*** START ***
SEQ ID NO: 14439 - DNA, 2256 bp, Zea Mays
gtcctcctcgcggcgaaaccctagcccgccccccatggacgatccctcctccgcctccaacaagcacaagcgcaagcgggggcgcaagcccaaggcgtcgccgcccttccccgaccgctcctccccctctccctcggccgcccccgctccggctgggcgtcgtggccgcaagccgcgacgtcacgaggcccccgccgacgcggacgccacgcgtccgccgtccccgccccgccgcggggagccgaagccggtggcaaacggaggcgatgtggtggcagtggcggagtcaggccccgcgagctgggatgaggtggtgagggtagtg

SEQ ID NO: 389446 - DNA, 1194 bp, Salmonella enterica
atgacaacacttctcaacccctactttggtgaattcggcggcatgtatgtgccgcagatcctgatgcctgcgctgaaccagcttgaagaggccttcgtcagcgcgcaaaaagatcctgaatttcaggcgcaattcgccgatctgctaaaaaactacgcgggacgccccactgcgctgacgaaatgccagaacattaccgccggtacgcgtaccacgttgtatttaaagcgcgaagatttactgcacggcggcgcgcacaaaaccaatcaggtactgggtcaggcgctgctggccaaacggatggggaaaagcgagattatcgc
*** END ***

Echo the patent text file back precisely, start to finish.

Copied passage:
SEQ ID NO: 14439 - DNA, 2256 bp, Zea Mays
gtcctcctcgcggcgaaaccctagcccgccccccatggacgatccctcctccgcctccaacaagcacaagcgcaagcgggggcgcaagcccaaggcgtcgccgcccttccccgaccgctcctccccctctccctcggccgcccccgctccggctgggcgtcgtggccgcaagccgcgacgtcacgaggcccccgccgacgcggacgccacgcgtccgccgtccccgccccgccgcggggagccgaagccggtggcaaacggaggcgatgtggtggcagtggcggagtcaggccccgcgagctgggatgaggtggtgagggtagtg

SEQ ID NO: 389446 - DNA, 1194 bp, Salmonella enterica
atgacaacacttctcaacccctactttggtgaattcggcggcatgtatgtgccgcagatcctgatgcctgcgctgaaccagcttgaagaggccttcgtcagcgcgcaaaaagatcctgaatttcaggcgcaattcgccgatctgctaaaaaactacgcgggacgccccactgcgctgacgaaatgccagaacattaccgccggtacgcgtaccacgttgtatttaaagcgcgaagatttactgcacggcggcgcgcacaaaaccaatcaggtactgggtcaggcgctgctggccaaacggatggggaaaagcgagattatcgc